This year I have taken on the task of applying for my National Board certification. I have been trying (possibly unsuccessfully) to work through the material, and as usual, I am completely overwhelmed. (To the point that I should probably stop telling people I am in the process…. For my dignity’s sake).
Nonetheless, there is value in whatever outcome arises from this. Our school’s instructional coach mentioned that it was the best PD of his life - and he’s not wrong. Of particular note is the emphasis on self assessment and self directed learning.
Imma start with a hard truth. I am a control freak. I struggle with anything left to the students, and often, I assume it’ll fail. (Apparently, I am very narcissistic about my abilities). Being an AP teacher, however, has forced me to rely on their independence because frankly, I can’t hold their hand on the test. It puts me in a position where I need to teach them to be reflective and how to effectively evaluate their own work and progress. Therefore, I’ve always had some form of self-assessment. This year - while undergoing my own person Odyssey - I’ve found even more ways to engage students in reflection. After weeding through the muck, I have a few worth sharing.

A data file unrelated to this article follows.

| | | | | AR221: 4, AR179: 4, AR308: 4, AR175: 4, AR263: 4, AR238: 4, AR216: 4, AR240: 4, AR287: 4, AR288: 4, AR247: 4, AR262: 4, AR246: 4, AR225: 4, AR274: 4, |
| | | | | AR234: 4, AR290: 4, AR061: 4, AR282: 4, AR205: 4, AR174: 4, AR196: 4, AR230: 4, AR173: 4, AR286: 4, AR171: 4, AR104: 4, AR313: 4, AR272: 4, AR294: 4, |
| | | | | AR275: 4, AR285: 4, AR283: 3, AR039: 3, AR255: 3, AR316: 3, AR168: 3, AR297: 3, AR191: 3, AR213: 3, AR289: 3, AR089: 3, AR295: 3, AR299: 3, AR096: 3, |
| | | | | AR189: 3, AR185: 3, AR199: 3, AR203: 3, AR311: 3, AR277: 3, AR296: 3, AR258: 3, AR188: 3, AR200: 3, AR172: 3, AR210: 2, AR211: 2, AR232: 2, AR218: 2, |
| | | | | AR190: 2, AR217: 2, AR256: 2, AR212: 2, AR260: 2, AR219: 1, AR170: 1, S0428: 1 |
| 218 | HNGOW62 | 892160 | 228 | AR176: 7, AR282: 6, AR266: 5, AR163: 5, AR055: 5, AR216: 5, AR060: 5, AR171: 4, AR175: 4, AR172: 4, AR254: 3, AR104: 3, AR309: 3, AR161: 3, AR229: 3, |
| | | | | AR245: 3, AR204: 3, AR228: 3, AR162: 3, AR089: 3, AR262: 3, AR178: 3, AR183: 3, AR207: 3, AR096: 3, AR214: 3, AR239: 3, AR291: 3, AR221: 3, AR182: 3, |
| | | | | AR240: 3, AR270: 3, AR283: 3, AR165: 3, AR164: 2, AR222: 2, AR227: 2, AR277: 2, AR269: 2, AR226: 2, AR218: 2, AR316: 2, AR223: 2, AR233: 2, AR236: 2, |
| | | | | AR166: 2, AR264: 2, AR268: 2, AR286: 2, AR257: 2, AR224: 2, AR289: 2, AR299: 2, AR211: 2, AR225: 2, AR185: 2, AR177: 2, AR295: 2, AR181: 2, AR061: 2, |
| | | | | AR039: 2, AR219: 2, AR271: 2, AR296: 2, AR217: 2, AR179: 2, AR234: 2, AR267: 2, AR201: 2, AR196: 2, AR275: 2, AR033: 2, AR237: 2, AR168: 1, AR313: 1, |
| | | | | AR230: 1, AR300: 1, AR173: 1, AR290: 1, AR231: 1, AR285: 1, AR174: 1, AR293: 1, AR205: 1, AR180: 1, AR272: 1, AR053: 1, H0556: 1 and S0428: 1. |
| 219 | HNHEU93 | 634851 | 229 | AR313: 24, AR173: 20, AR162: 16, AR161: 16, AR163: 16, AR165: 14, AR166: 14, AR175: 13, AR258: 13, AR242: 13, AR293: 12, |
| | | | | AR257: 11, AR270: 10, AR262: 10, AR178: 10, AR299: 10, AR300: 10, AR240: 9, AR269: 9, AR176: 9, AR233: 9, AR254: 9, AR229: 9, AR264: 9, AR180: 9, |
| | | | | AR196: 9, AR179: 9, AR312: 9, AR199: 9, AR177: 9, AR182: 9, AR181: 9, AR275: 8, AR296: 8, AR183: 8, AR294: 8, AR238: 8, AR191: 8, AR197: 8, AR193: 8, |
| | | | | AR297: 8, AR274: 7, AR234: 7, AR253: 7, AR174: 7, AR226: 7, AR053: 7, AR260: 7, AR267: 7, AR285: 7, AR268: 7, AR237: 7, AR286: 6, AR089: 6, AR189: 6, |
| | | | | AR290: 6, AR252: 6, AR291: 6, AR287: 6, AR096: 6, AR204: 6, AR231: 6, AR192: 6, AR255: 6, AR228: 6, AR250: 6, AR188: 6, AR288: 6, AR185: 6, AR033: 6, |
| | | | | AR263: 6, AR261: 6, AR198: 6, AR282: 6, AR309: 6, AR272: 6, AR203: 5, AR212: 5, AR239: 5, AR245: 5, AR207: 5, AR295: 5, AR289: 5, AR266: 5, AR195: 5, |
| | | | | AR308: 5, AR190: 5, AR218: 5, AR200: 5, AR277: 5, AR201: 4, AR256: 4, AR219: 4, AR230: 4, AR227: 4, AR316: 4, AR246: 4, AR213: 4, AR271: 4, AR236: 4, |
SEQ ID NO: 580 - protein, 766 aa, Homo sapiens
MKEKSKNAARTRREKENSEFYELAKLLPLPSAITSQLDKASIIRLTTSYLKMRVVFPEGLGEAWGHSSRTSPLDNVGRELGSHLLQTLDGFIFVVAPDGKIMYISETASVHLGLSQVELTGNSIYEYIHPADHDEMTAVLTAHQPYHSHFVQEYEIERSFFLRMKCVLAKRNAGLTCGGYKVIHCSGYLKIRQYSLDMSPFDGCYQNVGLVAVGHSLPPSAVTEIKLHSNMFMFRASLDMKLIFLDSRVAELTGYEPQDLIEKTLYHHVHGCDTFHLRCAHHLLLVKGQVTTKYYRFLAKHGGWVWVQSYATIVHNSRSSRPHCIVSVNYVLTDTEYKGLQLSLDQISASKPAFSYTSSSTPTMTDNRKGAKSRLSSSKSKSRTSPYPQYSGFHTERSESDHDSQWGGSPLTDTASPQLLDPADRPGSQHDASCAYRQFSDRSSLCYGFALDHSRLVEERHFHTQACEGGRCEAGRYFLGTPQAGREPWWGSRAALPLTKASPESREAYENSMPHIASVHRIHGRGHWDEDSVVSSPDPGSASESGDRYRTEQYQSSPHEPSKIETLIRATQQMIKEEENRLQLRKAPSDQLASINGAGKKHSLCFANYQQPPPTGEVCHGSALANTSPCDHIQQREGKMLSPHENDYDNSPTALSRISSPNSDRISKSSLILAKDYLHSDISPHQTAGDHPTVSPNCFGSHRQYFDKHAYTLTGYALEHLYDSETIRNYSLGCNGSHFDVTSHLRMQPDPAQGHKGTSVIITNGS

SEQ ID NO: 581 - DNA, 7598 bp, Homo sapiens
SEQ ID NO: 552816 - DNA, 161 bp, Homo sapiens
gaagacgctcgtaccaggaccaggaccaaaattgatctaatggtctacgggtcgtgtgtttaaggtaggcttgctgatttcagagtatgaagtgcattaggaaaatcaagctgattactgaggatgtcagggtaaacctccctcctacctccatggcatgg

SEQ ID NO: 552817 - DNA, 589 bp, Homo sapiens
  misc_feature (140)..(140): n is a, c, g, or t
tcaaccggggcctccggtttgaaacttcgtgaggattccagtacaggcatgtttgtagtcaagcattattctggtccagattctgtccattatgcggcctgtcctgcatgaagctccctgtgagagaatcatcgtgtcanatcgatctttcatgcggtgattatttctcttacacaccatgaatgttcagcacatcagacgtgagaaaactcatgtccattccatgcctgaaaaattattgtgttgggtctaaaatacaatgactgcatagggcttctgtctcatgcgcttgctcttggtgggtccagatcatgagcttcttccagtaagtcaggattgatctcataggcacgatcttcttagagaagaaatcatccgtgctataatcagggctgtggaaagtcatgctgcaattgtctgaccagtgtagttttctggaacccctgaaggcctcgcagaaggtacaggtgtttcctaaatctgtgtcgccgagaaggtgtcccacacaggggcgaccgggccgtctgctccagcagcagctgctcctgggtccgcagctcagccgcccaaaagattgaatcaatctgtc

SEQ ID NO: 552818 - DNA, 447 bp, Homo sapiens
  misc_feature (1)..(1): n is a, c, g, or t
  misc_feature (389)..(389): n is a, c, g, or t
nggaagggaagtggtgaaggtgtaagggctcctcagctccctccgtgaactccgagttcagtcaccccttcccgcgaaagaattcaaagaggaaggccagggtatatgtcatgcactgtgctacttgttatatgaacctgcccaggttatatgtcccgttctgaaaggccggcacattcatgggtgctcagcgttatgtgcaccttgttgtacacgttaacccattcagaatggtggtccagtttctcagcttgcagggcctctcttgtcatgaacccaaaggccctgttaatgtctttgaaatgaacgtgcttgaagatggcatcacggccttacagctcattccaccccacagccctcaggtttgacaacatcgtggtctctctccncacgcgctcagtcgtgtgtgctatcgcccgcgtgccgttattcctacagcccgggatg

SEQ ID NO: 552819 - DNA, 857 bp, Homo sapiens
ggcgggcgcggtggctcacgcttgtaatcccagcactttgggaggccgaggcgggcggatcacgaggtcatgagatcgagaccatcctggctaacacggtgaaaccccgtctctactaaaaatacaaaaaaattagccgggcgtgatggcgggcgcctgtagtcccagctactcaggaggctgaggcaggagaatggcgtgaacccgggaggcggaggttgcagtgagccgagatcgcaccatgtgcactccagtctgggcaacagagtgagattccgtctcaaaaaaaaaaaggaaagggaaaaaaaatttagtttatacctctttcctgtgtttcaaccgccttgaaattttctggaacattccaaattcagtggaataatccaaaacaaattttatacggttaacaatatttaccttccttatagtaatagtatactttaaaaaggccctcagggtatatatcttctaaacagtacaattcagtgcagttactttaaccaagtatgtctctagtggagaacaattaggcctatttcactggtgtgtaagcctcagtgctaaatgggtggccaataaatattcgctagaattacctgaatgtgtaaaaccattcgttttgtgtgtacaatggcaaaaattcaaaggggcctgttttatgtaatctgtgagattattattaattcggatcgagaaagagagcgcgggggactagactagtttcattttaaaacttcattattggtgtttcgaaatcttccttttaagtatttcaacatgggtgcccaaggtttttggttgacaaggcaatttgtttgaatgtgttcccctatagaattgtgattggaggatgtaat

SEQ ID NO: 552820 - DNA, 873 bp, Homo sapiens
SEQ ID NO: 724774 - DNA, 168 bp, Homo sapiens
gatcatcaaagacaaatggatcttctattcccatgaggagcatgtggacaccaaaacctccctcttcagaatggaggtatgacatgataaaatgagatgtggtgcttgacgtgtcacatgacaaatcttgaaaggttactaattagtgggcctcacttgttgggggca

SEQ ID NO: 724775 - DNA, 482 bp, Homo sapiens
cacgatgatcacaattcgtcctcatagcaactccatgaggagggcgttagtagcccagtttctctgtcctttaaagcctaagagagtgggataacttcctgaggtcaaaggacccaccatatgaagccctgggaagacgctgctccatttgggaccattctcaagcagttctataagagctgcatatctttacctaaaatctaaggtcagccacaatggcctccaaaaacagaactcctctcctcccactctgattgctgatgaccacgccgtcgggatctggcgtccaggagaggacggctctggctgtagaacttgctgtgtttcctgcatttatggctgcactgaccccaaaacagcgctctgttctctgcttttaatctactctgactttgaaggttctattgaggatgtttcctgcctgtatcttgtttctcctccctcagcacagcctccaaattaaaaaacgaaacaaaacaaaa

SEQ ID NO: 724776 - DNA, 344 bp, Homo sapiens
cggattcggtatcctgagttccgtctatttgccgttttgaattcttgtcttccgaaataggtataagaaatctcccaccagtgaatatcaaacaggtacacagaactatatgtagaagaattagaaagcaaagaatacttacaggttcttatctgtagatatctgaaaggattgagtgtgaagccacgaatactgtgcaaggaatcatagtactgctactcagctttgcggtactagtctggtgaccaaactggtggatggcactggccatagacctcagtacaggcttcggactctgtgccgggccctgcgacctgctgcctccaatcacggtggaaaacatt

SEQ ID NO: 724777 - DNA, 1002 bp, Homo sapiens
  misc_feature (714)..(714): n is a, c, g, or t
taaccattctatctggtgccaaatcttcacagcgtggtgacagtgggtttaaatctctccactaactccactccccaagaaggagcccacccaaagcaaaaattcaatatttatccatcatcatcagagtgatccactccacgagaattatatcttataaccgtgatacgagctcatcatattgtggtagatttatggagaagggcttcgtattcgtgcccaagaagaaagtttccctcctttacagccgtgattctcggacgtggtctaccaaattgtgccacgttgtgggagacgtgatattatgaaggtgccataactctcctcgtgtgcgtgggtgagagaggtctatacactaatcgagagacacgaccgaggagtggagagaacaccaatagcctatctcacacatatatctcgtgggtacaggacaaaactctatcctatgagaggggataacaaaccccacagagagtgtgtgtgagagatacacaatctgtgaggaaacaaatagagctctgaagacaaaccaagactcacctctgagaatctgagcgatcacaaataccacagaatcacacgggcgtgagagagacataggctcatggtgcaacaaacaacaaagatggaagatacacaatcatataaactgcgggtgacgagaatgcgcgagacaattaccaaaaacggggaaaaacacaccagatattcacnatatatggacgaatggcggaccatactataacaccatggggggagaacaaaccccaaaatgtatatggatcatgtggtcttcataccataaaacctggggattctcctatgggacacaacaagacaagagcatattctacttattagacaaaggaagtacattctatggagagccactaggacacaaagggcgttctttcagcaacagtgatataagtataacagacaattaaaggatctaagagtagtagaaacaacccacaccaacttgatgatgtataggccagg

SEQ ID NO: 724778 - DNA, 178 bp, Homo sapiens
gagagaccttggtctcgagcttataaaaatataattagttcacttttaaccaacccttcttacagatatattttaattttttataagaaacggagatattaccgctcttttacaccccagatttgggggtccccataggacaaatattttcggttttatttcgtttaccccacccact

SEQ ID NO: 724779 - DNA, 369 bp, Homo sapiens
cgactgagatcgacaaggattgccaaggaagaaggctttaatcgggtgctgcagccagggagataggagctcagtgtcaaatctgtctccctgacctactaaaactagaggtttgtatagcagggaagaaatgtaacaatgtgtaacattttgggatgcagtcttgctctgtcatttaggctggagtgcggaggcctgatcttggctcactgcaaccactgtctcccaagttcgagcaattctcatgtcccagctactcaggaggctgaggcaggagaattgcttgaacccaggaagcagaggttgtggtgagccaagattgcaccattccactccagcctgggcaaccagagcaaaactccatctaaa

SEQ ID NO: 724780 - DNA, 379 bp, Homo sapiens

Really, it’s a shift in mindset for ourselves as the teacher. Why should we burn out creating feedback when the kids are perfectly capable? Yes, it takes frontloading with samples and rubric analysis. Yes, they will complain when you ask them to evaluate on their own. Yes, it means giving up some control (cringe).
The value lies in the process itself. For example, I can tell my kids a score at this point, and they know exactly what that number means: what’s missing, what’s successful, the next steps. Best of all - at least for me - it cuts down grading time. Significantly. It’s honestly the only reason I have time for individual conferences with students... and what's left of my sanity.